Speaking with CloudPhysics Founder and CEO John Blumenthal, you get the sense that the modern data center, which supplies all that cloud-computing power, is a total mess.
“The [management] tools are primitive,” he says. “Nobody really knows how much capacity they have.”
This is important, because business software is increasingly migrating to the “cloud” — data centers that can be accessed by the Internet — because then businesses don’t have to worry about managing the software or the networks that host these applications. But somebody has to worry about them. And Blumenthal says until this point, nobody has provided the managers many software tools for this task.
That’s where startup CloudPhysics comes in. It’s looking to change the way data centers are monitored and managed with a unique software platform — which is cloud-based, of course.
The Mountain View, Calif.-based company has received $12.5 million in venture funding from top-tier names including Kleiner Perkins and the Mayfield Fund, as well as many individual angel investors. It launched an initial version of its product in August, which it demonstrated at VMworld, VMware’s global user conference.
Blumenthal is a VMware (VMW) alumnus, where he spent many years watching the explosive growth of the company as it created server virtualization software that enabled the cloud revolution. He says that after watching the process of data centers being built and managed, he noticed that as his customers frantically added servers and storage, they rarely had time or ability to map out exactly how these resources were being used.
“At VMware I saw my customers frantically adding servers and storage. What was surprising was the waste and overprovisioning [in data centers] when people go out and buy. They would just throw hardware at the problem, which was interesting. People thought they’d need it, or they didn’t know. There was no quantitative reasoning behind it.”
CloudPhysics hopes to provide that reasoning. The software plugs into the VMware environment, which has become standard in most data centers. It places sensors on virtualized servers and monitors what’s going on with server and storage resources in real time. The platform then lets its community of customers “plug in” to the platform and use anonymized from data centers to build applications including models and simulations. The apps supplied by the community of users are then available on the network in addition to a standard set of applications provided by CloudPhysics.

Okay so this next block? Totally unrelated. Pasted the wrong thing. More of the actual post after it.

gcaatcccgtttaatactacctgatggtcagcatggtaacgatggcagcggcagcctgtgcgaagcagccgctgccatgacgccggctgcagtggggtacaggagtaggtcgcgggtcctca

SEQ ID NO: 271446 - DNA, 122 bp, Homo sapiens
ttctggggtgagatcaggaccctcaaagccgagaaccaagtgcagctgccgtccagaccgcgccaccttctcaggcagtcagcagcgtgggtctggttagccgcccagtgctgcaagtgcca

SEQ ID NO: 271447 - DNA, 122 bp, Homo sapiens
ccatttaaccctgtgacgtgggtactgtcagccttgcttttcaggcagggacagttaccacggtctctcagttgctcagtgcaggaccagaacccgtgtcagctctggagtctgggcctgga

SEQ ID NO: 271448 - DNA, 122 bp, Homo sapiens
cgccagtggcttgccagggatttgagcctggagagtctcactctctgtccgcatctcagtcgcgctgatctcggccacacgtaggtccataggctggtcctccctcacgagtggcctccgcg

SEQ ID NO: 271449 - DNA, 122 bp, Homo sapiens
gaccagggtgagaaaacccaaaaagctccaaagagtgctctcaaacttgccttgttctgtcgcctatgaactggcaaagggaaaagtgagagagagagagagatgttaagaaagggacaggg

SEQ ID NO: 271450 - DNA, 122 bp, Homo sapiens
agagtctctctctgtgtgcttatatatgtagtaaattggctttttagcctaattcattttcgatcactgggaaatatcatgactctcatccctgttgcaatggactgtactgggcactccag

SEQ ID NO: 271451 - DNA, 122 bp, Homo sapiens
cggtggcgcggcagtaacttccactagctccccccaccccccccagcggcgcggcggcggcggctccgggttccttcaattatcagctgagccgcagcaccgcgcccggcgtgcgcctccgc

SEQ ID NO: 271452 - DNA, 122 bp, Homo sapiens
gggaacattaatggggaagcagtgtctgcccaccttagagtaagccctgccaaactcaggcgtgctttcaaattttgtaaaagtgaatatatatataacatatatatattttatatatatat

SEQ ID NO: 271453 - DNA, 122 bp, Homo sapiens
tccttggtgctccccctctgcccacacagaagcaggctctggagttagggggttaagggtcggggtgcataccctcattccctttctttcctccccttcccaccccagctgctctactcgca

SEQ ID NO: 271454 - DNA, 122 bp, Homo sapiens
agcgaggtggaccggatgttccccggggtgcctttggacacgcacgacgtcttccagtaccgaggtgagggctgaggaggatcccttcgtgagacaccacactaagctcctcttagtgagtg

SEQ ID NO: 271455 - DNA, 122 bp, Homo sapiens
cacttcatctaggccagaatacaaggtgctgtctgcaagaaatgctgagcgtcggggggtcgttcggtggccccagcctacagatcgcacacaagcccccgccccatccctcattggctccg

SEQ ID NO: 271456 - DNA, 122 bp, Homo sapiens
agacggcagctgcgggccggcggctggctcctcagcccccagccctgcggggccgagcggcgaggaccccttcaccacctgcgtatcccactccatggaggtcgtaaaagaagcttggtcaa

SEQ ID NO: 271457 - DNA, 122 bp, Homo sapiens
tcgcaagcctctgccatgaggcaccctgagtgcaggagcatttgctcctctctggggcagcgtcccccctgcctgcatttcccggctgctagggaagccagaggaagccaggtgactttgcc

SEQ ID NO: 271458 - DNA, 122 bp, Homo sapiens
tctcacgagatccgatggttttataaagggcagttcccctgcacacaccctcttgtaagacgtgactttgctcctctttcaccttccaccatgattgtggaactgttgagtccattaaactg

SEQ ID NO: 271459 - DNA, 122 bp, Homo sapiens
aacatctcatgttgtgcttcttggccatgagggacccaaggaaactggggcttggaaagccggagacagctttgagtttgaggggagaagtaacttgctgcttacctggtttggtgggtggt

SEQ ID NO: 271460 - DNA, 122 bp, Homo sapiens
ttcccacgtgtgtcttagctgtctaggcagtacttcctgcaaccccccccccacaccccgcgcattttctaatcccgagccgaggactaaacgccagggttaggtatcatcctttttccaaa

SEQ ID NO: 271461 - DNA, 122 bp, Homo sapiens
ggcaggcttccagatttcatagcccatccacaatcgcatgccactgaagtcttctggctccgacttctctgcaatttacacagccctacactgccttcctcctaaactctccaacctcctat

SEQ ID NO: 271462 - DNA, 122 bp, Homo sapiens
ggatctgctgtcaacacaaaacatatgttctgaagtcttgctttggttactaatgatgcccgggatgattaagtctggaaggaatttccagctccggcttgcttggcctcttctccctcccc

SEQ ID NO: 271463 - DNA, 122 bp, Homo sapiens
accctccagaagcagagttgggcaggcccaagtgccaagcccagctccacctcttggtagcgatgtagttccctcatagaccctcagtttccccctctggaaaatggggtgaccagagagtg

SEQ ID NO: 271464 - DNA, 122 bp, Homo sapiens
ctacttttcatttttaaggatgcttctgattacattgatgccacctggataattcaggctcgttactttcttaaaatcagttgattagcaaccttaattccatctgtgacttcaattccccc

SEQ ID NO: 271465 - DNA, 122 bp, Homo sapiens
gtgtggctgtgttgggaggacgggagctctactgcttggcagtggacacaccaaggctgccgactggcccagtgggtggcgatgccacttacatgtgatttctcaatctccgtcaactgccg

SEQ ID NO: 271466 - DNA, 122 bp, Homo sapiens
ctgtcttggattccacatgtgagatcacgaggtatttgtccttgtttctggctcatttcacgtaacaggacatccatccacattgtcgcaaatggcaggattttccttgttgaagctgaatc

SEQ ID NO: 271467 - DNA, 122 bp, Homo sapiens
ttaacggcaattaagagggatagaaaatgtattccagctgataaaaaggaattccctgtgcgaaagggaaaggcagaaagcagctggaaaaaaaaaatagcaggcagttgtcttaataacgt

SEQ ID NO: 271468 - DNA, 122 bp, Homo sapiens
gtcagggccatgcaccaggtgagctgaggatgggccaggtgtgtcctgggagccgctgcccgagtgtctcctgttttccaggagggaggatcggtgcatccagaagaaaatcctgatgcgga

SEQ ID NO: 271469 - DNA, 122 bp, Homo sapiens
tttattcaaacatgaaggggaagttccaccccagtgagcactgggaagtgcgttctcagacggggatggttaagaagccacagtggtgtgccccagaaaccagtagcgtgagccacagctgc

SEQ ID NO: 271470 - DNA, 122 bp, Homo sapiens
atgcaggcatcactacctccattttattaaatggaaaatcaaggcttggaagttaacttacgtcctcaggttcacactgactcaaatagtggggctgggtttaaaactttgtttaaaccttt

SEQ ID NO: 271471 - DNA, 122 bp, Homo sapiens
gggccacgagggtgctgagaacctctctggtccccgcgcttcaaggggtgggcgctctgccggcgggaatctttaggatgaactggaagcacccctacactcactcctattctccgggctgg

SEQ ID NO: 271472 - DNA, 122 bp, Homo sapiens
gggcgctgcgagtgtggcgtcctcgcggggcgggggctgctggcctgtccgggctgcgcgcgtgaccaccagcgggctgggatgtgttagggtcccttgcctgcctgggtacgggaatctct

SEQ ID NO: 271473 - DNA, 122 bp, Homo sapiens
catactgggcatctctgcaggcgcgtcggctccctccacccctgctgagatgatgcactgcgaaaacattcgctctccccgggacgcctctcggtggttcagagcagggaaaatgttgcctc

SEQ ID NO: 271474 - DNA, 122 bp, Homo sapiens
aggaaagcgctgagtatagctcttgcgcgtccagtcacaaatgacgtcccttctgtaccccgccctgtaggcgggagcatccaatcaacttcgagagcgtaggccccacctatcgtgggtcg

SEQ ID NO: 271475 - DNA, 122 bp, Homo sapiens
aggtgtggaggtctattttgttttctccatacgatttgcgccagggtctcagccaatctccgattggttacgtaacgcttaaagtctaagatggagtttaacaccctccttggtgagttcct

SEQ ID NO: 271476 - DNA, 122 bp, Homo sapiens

These apps are presented as “cards” on a management dashboard (see image below), which enables the community to aggregate the knowledge it gathers from data centers world wide to solve problems. Think of it as a sort of data-center artificial intelligence — a better dashboard to tell you what your data center is doing, or what it will do.
This edgy approach to data-center management is confirmed by several analysts, who say the company is a leader in the area of data-center management software.
“I don’t think there is anybody out there that does exactly what they do,” said Senior Analyst Wayne Pauley with Enterprise Strategy Group, in a phone interview.
Another analysts agree. “The fascinating prospect of leveraging collective knowledge for operations management is that customers receive the opportunity to proactively learn from their peers,” wrote Enterprise Management Associates analyst Torsten Volk in August, after the product launched.
In other industries, capacity planning and management software is commonplace. For example, Blumenthal gives the example of Nielsen, in media, which is constantly monitoring and analyzing what users are doing. In healthcare, companies have robust software for managing their resources and eliminating risk. He says that these basic functions hadn’t been available in IT management of data centers.
CloudPhysics has built an impressive team, and it’s gaining a reputation as an innovator an area — management software — that has been pretty boring for a while.
“They have a super-bright management team with lots of experience from VMware,” says Pauley.
In addition to Blumenthal, the team includes CTO and founder Irfan Ahmad, a 9-year veteran of VMware; founder and Chief Scientist Xiaojun Liu, who worked at Sun Microsystems and Google (GOOG); and founder and VP of Operations Jim Kleckner, who previously worked at Currenex, a foreign exchange platform that was sold to State Street bank.
An initial version of CloudPhysics platform launched in August. Users can log into the Cloud Physics cloud with a free trial, or pay a monthly licensing model to watch the action in their cloud.